SILVER SPRING – Although County Executive Marc Elrich said both he and the members of the Montgomery County Council know who he would like to name as the next police chief of the Montgomery County Police Department (MCP). However, he would wait for all background checks completed and questions answered before releasing the name publicly.
“We know who we want, and the council knows who we want,” Elrich said. “It’s been in the papers,”
Elrich referred to Darryl McSwain, the current chief of the Maryland-National Capital Park Police, Montgomery County Parks division. According to several local outlets, he is the next candidate under consideration for the role. In April 2018, McSwain retired from the county police department to become the county’s Chief of Maryland-National Capital Park Police.
According to county police, McSwain joined the police department in 1988 and completed 30 years of service. His last position was chief of the field services bureau, overseeing the Animal Services Division, the District Court Liaison, Public Information Office, Security Services Division, Special Operations Division, the Crisis Support and Response Division and the Traffic Division.
Elrich’s previous choice, Tonya Chapman, former police chief in Portsmouth Virginia, withdrew her name last month, saying she believed she “may not be a good fit.”
The Silver Spring Justice Coalition, which had backed Chapman’s candidacy, sent a letter to all members of the council, saying that coalition members were “deeply concerned about the integrity of the selection process for Montgomery County’s next chief of police.” The coalition is a grassroots community organization whose members include Christ Congregation Church Racial Justice Circle, Moms of Black Boys United for Social Change, Racial Justice Now, Standing Up for Racial Justice, Takoma Park Mobilization and Young People for Progress.
According to their letter, dated Sept. 5, coalition members believe that the amount of information that got out into the public about Chapman so early in the process, as well as the council’s list of 40 questions it submitted for her to answer, all added up to an unfair and racially motivated, process.
A large number of questions “is an onerous requirement that seems likely to have been designed to discourage the first Black female presumed nominee for police chief in the county from pursuing the job,” Silver Spring Justice Coalition members wrote.
They blamed “political maneuvering,” which they said overruled the normal process that would have given Chapman “a fair hearing.”
Elrich, too, questioned the number of questions submitted.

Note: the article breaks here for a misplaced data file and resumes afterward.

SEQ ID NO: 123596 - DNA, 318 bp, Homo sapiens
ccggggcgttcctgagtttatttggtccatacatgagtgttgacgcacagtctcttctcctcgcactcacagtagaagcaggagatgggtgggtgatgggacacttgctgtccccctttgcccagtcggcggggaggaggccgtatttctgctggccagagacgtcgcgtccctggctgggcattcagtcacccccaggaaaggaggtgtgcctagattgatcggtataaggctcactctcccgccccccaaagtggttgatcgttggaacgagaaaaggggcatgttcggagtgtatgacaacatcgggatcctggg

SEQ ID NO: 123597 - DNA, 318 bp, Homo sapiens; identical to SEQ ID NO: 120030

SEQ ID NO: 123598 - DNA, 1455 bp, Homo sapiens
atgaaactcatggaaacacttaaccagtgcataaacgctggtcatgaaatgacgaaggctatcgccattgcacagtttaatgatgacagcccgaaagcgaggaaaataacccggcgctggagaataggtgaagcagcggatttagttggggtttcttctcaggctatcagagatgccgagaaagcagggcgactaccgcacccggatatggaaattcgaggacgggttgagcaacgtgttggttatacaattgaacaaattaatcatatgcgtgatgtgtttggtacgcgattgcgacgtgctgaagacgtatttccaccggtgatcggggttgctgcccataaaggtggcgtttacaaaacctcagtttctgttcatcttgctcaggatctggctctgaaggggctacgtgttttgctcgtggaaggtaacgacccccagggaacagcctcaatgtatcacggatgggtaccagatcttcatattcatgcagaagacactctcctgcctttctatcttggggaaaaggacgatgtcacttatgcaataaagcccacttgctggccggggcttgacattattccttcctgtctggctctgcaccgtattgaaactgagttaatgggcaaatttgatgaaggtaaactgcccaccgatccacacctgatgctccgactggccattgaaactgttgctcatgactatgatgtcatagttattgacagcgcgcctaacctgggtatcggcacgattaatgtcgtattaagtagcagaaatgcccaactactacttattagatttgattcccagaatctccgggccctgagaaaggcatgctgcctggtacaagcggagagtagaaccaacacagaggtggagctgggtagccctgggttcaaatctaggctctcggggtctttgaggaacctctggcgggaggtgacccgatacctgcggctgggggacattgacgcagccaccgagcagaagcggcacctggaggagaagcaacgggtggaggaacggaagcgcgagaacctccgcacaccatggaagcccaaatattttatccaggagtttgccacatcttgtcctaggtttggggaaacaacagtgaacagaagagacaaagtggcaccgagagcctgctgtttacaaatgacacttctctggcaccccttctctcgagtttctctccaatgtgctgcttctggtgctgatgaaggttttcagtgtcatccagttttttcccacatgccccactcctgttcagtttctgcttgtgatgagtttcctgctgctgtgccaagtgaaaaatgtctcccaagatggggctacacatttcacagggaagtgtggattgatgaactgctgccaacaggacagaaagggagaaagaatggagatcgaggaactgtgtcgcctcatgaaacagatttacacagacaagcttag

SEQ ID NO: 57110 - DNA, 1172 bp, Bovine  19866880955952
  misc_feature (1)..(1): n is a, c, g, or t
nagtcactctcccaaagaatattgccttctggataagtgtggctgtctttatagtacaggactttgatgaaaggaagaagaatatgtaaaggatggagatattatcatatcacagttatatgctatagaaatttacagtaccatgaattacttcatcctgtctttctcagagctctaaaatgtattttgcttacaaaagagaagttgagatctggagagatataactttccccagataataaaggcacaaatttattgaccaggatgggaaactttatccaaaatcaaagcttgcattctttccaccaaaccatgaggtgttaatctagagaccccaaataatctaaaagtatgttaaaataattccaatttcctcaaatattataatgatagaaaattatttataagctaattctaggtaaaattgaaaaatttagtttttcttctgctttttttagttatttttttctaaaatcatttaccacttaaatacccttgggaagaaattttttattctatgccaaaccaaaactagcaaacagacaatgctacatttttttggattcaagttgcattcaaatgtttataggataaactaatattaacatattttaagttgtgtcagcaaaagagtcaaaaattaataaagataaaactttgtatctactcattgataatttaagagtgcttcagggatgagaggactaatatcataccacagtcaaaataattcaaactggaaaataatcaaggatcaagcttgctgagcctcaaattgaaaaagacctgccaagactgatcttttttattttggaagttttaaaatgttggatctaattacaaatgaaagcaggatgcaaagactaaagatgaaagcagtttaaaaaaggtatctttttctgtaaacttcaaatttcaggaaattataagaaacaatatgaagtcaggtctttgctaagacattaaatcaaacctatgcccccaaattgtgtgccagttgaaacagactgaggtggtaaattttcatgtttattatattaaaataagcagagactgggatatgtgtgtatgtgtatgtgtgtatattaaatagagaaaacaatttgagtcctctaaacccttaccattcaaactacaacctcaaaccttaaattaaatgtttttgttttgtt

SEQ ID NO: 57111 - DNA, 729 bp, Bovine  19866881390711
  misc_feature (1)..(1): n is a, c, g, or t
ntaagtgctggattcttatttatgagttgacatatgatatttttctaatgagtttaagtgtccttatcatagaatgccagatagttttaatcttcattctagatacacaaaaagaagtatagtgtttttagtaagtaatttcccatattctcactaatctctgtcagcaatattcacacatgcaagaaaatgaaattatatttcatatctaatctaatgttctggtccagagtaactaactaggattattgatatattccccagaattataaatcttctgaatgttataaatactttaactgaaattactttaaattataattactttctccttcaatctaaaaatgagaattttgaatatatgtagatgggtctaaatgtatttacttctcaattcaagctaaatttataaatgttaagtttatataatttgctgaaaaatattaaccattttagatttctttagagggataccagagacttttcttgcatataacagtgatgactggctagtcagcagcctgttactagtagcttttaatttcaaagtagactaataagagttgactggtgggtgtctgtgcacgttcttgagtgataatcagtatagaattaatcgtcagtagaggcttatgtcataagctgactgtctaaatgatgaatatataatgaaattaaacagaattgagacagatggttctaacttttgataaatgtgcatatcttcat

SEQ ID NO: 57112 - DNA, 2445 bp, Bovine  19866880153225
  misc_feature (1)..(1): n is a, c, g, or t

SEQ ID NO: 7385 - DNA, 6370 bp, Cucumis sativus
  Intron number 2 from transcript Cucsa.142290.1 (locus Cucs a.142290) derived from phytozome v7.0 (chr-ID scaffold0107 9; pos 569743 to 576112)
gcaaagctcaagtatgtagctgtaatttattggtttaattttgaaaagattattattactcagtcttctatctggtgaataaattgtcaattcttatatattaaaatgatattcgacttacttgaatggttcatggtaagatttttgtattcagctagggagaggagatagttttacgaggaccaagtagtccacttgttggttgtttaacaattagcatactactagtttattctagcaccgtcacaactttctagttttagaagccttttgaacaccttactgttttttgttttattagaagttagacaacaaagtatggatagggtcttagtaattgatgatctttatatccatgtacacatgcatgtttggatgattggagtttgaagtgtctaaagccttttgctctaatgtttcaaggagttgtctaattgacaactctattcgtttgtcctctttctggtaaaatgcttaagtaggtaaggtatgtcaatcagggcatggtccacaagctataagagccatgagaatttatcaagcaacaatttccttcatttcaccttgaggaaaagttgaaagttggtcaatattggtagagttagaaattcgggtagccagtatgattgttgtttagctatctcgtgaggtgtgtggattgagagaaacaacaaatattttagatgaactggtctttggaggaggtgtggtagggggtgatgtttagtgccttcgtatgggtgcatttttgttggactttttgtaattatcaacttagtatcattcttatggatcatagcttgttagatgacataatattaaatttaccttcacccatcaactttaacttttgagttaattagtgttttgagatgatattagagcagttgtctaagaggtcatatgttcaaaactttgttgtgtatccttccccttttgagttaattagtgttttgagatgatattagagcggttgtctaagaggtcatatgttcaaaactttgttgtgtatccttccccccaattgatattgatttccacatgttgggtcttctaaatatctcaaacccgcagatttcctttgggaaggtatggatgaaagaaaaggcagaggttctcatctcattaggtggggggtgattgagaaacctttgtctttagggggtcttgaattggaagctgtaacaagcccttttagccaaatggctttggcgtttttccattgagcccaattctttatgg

“I have my own opinions about those questions. They’ve asked these questions already,” Elrich said of council members.
Elrich said he saw the coalition’s letter but would not comment on it. He said he hoped to announce his choice for police chief in “the next couple of weeks,” but added, “We are not going to say until we do our due diligence.”
Former Chief Tom Manger retired in April of this year. The top job for the 1,300-member police force has been held by Acting Chief Marcus Jones, but Elrich has said he has no plans to nominate Jones him for the permanent position. It took about seven months for Manger’s selection as chief.
Councilman Sidney Katz, who chairs the council’s public safety committee, said he had no problems with either how long it is taking to replace Manger or the number of questions councilmembers provide. The process allows each councilmember to submit questions to ask the top candidate.
“You are dealing with nine people, so a couple of questions each. I don’t know I would call that onerous,” he said.
No new name has been submitted to the council. However, Katz said, Chapman’s name was never formally submitted either.
Elrich “informally” told council members, many of whom met with Chapman individually, he said. Those talks led to more questions, he explained.
Like the coalition, Katz expressed disappointment that Chapman’s name had become public so early in the process.
In the coalition’s letter, they noted that participants who met with both Chapman and candidate Takoma Park Police Chief Antonio DeVaul signed a non-disclosure agreement “to protect the identity of both candidates and the details of the proceedings.”
DeVaul also withdrew his name from consideration.
Katz explained that keeping a candidate’s name secret is important until late in the process “as a courtesy” to the candidates, who may not have informed their current employer that they were seeking a new job.
Katz said he is unaware how the names of the candidates became public.
“I don’t know how that happened. I don’t know where it came from. I know it didn’t come from me,” he said. “(At least) 20 some people applied.”
As for the length of time MCP has been without a permanent chief, Katz said, “Like everything, it takes longer” than expected.
The job must be advertised with interviews held, he said.
He also attributed the delay to the fact that the council was on recess throughout August, noting that while no council meetings were held, members did work.